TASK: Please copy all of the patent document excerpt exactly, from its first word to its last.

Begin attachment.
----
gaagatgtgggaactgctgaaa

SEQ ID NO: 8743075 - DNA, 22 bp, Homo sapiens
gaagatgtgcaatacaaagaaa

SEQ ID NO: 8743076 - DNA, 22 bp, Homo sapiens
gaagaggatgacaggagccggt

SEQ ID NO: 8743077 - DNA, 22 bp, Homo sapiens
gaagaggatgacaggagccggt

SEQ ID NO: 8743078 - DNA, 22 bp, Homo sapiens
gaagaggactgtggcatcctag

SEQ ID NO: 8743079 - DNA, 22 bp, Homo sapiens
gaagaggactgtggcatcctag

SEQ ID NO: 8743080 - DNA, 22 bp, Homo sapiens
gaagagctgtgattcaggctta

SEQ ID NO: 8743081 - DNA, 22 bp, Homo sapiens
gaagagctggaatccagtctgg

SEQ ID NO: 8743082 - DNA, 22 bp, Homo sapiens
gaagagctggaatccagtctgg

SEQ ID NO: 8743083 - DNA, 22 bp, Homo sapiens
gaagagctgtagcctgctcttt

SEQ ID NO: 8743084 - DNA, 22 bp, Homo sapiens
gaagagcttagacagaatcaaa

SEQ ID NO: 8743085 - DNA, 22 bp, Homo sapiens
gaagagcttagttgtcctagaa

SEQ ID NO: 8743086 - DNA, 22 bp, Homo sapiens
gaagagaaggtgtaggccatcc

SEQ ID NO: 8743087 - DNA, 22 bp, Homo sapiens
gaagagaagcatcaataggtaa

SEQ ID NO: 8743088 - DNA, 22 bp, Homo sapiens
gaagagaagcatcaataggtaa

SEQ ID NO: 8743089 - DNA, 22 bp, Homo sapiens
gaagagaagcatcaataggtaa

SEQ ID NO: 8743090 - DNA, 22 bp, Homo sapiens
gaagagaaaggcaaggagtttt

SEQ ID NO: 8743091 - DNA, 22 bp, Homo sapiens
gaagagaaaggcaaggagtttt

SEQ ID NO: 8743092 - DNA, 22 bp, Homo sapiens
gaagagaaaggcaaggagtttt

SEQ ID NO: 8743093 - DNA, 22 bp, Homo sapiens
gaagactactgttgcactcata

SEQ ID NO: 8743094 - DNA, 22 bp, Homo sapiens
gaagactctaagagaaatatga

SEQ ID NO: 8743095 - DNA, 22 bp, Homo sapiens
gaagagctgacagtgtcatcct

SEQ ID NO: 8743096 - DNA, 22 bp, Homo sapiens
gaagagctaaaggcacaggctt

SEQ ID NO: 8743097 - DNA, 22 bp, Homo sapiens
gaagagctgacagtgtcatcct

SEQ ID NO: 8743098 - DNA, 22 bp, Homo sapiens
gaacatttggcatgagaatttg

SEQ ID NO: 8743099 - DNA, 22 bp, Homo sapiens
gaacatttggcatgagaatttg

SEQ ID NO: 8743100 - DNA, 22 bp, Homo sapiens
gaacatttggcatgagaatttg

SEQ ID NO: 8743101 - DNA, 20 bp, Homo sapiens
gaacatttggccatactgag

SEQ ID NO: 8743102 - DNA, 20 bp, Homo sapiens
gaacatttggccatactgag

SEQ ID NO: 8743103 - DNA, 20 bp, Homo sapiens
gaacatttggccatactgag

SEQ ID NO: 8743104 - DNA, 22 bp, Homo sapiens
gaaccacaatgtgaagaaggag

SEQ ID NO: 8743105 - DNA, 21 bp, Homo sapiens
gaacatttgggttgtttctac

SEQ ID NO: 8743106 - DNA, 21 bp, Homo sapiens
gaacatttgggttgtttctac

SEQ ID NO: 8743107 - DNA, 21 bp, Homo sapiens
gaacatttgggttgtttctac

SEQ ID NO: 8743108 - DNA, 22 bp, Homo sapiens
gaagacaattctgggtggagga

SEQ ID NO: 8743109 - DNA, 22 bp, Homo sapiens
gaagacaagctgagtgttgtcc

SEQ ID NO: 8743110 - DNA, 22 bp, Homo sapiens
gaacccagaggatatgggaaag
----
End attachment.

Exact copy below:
gaagatgtgggaactgctgaaa

SEQ ID NO: 8743075 - DNA, 22 bp, Homo sapiens
gaagatgtgcaatacaaagaaa

SEQ ID NO: 8743076 - DNA, 22 bp, Homo sapiens
gaagaggatgacaggagccggt

SEQ ID NO: 8743077 - DNA, 22 bp, Homo sapiens
gaagaggatgacaggagccggt

SEQ ID NO: 8743078 - DNA, 22 bp, Homo sapiens
gaagaggactgtggcatcctag

SEQ ID NO: 8743079 - DNA, 22 bp, Homo sapiens
gaagaggactgtggcatcctag

SEQ ID NO: 8743080 - DNA, 22 bp, Homo sapiens
gaagagctgtgattcaggctta

SEQ ID NO: 8743081 - DNA, 22 bp, Homo sapiens
gaagagctggaatccagtctgg

SEQ ID NO: 8743082 - DNA, 22 bp, Homo sapiens
gaagagctggaatccagtctgg

SEQ ID NO: 8743083 - DNA, 22 bp, Homo sapiens
gaagagctgtagcctgctcttt

SEQ ID NO: 8743084 - DNA, 22 bp, Homo sapiens
gaagagcttagacagaatcaaa

SEQ ID NO: 8743085 - DNA, 22 bp, Homo sapiens
gaagagcttagttgtcctagaa

SEQ ID NO: 8743086 - DNA, 22 bp, Homo sapiens
gaagagaaggtgtaggccatcc

SEQ ID NO: 8743087 - DNA, 22 bp, Homo sapiens
gaagagaagcatcaataggtaa

SEQ ID NO: 8743088 - DNA, 22 bp, Homo sapiens
gaagagaagcatcaataggtaa

SEQ ID NO: 8743089 - DNA, 22 bp, Homo sapiens
gaagagaagcatcaataggtaa

SEQ ID NO: 8743090 - DNA, 22 bp, Homo sapiens
gaagagaaaggcaaggagtttt

SEQ ID NO: 8743091 - DNA, 22 bp, Homo sapiens
gaagagaaaggcaaggagtttt

SEQ ID NO: 8743092 - DNA, 22 bp, Homo sapiens
gaagagaaaggcaaggagtttt

SEQ ID NO: 8743093 - DNA, 22 bp, Homo sapiens
gaagactactgttgcactcata

SEQ ID NO: 8743094 - DNA, 22 bp, Homo sapiens
gaagactctaagagaaatatga

SEQ ID NO: 8743095 - DNA, 22 bp, Homo sapiens
gaagagctgacagtgtcatcct

SEQ ID NO: 8743096 - DNA, 22 bp, Homo sapiens
gaagagctaaaggcacaggctt

SEQ ID NO: 8743097 - DNA, 22 bp, Homo sapiens
gaagagctgacagtgtcatcct

SEQ ID NO: 8743098 - DNA, 22 bp, Homo sapiens
gaacatttggcatgagaatttg

SEQ ID NO: 8743099 - DNA, 22 bp, Homo sapiens
gaacatttggcatgagaatttg

SEQ ID NO: 8743100 - DNA, 22 bp, Homo sapiens
gaacatttggcatgagaatttg

SEQ ID NO: 8743101 - DNA, 20 bp, Homo sapiens
gaacatttggccatactgag

SEQ ID NO: 8743102 - DNA, 20 bp, Homo sapiens
gaacatttggccatactgag

SEQ ID NO: 8743103 - DNA, 20 bp, Homo sapiens
gaacatttggccatactgag

SEQ ID NO: 8743104 - DNA, 22 bp, Homo sapiens
gaaccacaatgtgaagaaggag

SEQ ID NO: 8743105 - DNA, 21 bp, Homo sapiens
gaacatttgggttgtttctac

SEQ ID NO: 8743106 - DNA, 21 bp, Homo sapiens
gaacatttgggttgtttctac

SEQ ID NO: 8743107 - DNA, 21 bp, Homo sapiens
gaacatttgggttgtttctac

SEQ ID NO: 8743108 - DNA, 22 bp, Homo sapiens
gaagacaattctgggtggagga

SEQ ID NO: 8743109 - DNA, 22 bp, Homo sapiens
gaagacaagctgagtgttgtcc

SEQ ID NO: 8743110 - DNA, 22 bp, Homo sapiens
gaacccagaggatatgggaaag